Tag Archive | design

November Happenings

November was the month for EAGC to acknowledge the gardening successes of the past summer and to begin preparations for the upcoming Holidays. Here are some highlights of the November General meeting….

 

Anne C, Sue B, and Mary Jo presented our annual Beautification Awards:

Winners of the Residential Award — Sherm and Cathy Pridham of 23 High St., Stratham

 

Representatives from St. Vincent de Paul, 53 Lincoln St., Exeter, who received the

Commercial Award

 

David Donsker accepted an Honorary Award on behalf of his wife, Terri, for the outstanding garden she loved to share with her fellow club members.

 

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The Design Committee arranged a showing of  the beautiful Holiday centerpieces made by members at their November design class. It’s evident that we have some talented floral arrangements amongst us:

 

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The Beautification Committee met late in the month to decorate the Exeter Historical Society for the Holidays. As always, the results are colorful and festive:

 

Lynda models the Folsom Tavern door wreath…

 

Lots of volunteers make for quick work….

    

 

  

 

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Are you wondering what to buy your gardening friends for the Holidays?  Just in time for last minute shopping, E&C Chair Linda has put together a list of Pollinator-oriented books for gifting….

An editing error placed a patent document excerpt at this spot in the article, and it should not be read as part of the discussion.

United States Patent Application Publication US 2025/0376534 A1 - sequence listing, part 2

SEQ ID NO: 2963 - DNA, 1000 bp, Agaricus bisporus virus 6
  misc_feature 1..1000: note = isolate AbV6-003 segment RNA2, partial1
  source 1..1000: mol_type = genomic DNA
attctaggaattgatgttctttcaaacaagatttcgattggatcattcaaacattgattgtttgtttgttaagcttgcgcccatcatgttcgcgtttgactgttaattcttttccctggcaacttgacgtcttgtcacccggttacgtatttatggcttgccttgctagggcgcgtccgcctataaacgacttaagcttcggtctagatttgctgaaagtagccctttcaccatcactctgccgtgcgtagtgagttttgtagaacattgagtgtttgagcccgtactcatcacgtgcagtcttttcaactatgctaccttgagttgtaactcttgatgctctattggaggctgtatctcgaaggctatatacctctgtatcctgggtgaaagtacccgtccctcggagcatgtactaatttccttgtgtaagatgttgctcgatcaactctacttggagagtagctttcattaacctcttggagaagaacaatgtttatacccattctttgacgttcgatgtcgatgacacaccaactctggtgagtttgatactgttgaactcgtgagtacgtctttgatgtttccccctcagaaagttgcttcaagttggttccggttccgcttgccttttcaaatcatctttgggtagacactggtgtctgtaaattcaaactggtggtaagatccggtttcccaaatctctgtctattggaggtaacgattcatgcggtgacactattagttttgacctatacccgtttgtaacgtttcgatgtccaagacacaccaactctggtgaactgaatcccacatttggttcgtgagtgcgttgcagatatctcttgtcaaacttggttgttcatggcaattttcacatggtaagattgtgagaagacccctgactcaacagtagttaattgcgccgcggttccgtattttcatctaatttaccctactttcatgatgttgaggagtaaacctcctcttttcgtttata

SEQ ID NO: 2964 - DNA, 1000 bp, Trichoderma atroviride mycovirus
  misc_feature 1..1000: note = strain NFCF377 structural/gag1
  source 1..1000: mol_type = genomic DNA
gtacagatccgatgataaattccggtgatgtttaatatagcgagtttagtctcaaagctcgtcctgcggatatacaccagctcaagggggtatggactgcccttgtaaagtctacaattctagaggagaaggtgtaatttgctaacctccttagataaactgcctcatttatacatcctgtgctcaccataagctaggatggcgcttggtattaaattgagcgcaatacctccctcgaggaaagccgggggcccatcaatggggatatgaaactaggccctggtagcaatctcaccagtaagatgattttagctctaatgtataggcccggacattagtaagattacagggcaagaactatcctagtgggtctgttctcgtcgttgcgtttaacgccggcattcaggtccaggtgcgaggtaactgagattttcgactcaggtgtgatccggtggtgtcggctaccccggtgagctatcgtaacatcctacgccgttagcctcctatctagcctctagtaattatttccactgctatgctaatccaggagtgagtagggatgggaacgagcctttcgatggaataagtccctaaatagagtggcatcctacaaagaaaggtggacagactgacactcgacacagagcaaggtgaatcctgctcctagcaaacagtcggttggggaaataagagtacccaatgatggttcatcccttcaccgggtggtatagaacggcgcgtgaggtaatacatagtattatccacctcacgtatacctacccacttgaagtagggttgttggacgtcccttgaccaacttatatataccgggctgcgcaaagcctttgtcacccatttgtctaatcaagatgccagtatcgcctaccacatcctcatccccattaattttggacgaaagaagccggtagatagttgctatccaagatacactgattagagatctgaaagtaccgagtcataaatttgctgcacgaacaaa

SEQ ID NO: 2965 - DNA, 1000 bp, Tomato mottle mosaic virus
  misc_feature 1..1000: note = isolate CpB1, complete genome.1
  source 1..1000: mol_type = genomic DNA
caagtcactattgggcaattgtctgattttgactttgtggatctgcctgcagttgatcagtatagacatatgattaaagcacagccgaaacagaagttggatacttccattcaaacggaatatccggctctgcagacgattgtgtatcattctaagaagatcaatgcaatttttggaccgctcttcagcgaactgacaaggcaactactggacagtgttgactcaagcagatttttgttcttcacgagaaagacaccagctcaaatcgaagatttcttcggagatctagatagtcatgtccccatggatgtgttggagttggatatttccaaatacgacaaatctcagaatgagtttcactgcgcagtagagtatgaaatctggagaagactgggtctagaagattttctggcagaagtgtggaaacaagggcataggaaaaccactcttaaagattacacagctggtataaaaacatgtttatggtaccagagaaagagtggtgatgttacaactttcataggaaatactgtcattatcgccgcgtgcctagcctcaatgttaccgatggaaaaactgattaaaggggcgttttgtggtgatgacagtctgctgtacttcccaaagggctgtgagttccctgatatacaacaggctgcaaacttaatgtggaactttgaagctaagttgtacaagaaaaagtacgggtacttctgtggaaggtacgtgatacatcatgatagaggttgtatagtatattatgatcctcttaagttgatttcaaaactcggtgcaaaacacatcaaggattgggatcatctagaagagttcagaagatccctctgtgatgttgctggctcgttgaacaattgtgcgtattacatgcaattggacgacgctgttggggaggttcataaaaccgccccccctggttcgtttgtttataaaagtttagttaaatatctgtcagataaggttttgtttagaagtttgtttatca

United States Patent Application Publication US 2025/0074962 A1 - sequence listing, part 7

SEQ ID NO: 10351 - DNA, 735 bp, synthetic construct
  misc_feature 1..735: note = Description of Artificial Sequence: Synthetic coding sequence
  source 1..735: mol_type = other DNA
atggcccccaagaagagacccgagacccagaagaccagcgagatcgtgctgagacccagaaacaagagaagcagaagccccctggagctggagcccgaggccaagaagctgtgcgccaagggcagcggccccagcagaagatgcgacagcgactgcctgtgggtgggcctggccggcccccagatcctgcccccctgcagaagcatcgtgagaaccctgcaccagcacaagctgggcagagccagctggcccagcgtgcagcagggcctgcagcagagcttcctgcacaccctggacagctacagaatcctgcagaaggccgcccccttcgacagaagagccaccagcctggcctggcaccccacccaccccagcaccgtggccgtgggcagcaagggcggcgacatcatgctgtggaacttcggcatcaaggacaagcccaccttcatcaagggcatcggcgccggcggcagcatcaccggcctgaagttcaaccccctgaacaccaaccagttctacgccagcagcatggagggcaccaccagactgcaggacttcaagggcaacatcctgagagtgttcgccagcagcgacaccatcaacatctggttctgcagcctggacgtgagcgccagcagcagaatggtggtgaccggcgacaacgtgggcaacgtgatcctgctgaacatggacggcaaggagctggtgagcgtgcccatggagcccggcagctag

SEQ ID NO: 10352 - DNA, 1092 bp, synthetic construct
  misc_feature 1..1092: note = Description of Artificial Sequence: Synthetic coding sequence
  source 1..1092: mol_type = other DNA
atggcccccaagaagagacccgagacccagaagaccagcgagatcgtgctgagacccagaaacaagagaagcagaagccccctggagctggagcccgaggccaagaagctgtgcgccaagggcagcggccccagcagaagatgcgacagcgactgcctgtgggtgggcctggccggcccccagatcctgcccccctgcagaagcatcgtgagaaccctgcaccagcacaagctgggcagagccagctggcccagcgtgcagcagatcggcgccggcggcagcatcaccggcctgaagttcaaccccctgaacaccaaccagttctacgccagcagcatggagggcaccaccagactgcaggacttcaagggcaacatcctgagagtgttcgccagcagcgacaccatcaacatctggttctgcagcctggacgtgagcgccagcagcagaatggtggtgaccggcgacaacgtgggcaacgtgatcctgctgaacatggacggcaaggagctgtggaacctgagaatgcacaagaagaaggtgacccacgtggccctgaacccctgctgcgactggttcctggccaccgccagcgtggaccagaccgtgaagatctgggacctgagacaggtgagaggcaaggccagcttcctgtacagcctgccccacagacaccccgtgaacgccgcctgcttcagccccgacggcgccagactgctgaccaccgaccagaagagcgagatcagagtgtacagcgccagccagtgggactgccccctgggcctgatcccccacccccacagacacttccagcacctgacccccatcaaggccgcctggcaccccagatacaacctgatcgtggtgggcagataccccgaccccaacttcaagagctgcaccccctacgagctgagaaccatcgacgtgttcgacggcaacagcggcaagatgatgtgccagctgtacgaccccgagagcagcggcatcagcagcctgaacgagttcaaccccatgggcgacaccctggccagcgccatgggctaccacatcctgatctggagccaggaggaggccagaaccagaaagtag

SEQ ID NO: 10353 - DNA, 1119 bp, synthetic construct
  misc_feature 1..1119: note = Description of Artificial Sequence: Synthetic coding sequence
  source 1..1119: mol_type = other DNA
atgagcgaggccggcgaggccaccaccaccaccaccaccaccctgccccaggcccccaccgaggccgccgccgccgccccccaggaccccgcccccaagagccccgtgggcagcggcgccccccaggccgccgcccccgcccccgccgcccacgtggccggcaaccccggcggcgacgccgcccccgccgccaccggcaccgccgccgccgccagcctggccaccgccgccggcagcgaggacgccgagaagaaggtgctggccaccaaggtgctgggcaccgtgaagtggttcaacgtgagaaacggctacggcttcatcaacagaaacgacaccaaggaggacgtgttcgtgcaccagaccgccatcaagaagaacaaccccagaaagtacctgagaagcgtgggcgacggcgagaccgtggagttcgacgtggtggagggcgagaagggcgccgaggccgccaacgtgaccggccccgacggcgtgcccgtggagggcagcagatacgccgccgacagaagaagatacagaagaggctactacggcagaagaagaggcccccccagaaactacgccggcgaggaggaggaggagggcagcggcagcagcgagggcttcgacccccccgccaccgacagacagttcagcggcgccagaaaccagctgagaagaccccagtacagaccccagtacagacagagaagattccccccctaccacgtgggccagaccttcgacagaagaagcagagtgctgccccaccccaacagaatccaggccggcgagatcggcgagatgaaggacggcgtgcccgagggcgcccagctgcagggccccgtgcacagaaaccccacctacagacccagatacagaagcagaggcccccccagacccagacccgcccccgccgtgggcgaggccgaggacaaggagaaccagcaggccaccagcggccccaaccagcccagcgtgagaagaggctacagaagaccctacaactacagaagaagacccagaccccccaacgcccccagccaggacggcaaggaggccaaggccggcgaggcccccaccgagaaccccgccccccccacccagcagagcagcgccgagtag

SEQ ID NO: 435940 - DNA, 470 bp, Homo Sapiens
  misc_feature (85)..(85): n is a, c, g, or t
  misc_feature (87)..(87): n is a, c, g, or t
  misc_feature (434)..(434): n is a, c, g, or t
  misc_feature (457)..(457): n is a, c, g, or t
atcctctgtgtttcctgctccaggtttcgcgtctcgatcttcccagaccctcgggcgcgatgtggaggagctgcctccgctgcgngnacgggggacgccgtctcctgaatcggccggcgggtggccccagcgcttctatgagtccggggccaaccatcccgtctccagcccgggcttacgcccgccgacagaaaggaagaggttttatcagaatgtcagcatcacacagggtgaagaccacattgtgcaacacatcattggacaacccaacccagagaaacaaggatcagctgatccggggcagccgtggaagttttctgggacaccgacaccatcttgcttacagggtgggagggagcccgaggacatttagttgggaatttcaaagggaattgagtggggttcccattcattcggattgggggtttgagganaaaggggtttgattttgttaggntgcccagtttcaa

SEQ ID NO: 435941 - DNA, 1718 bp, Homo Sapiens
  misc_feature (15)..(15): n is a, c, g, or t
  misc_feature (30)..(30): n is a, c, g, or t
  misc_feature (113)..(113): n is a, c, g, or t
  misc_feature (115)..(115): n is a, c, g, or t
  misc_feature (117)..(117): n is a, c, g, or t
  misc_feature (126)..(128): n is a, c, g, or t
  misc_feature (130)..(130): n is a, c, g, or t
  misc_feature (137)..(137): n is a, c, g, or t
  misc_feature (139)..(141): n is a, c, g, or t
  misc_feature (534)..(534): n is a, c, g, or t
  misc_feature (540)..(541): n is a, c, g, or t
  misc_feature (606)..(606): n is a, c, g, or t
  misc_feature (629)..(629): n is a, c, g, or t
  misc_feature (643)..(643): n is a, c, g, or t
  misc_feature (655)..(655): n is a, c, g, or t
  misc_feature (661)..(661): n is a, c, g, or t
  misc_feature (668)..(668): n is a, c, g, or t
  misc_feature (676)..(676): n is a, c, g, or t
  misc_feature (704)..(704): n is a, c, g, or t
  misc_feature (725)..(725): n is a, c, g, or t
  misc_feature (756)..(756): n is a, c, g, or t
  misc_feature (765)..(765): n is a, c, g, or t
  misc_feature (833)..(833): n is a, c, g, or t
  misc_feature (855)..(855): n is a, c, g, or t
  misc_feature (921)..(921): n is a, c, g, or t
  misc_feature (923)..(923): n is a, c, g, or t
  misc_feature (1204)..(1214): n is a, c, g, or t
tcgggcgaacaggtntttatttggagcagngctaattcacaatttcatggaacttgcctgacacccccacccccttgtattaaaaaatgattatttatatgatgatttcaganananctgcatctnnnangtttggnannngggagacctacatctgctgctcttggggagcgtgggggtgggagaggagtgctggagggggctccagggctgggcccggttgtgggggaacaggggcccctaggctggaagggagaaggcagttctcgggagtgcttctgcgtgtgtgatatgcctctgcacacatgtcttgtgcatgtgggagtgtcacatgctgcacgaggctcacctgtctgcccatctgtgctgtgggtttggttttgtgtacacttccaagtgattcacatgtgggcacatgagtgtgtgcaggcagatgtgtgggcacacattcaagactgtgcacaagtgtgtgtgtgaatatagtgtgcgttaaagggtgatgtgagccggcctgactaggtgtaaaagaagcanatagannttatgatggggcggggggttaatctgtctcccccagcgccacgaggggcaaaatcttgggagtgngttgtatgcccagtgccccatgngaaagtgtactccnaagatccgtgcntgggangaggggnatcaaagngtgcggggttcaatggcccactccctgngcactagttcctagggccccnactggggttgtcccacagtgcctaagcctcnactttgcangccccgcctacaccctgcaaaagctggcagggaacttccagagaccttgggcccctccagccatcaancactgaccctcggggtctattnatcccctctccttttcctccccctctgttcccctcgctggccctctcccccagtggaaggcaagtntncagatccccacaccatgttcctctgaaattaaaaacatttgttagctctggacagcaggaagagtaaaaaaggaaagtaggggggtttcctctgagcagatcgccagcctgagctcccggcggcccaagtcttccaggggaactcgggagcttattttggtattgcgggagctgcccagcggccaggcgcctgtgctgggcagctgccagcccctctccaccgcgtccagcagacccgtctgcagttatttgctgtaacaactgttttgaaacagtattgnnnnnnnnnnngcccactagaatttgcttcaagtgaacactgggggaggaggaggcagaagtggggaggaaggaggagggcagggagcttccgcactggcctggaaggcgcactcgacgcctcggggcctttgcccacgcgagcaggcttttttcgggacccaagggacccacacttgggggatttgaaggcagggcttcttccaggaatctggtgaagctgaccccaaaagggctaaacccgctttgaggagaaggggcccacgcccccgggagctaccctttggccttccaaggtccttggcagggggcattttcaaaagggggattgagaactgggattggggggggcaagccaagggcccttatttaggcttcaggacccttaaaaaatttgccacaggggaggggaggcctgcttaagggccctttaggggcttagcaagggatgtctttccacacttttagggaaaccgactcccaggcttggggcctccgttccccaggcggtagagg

Books to Put on Your Christmas List

Attracting Native Pollinators – The Xerces Society    An informative and easily read book about pollinators, pollination, and how to incorporate them into your landscape…no matter what size.

Bringing Nature Home – Douglas W. Tallamy    Wonderful discussion of native plants and how to plant so you encourage the pollinators you want. Not all pollinators pollinate everything.

The Wildlife-Friendly Vegetable Gardener – Tammi Hartung    How to attract and encourage pollinators and other insects that are beneficial to your vegetables.

A Book of Bees – Sue Hubbell     All you want to know about bees and their lives.

 

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If you missed the November General Meeting, see what you missed in the Minutes, which can be found on the Website, under “Members Only.”

 

 

 

 

 

December Happenings

To brighten our homes for the holiday, EAGC members gathered  to make wreaths and create arrangements sharing a variety of evergreens, cones, and berries gathered from our yards.  Tables were piled high with fresh boughs of pine, fir, holly, juniper, arborvitae, dried orange slices, and pine cones…and what a very good year this was for winterberry!   Under the tutelage of Connie Gilmore and Ann Hohenberger, many beautiful showpieces were created:

Connie & Ann wish to thank to all who participated and contributed flora from their gardens. 

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We gathered in December at the Wentworth Country Club in Newcastle, where we enjoyed a delicious luncheon of Maple Glazed Salmon or Beef Tenderloin.  We heard our fearless leaders, Betsy & Jill, recite their version of “Twas the Night Before Christmas”  which cleverly included all our members and depicted Santa Claus as a “Hunk”!

 

We always seem to have great fun when we gather and take a look at some of the wonderful gifts exchanged: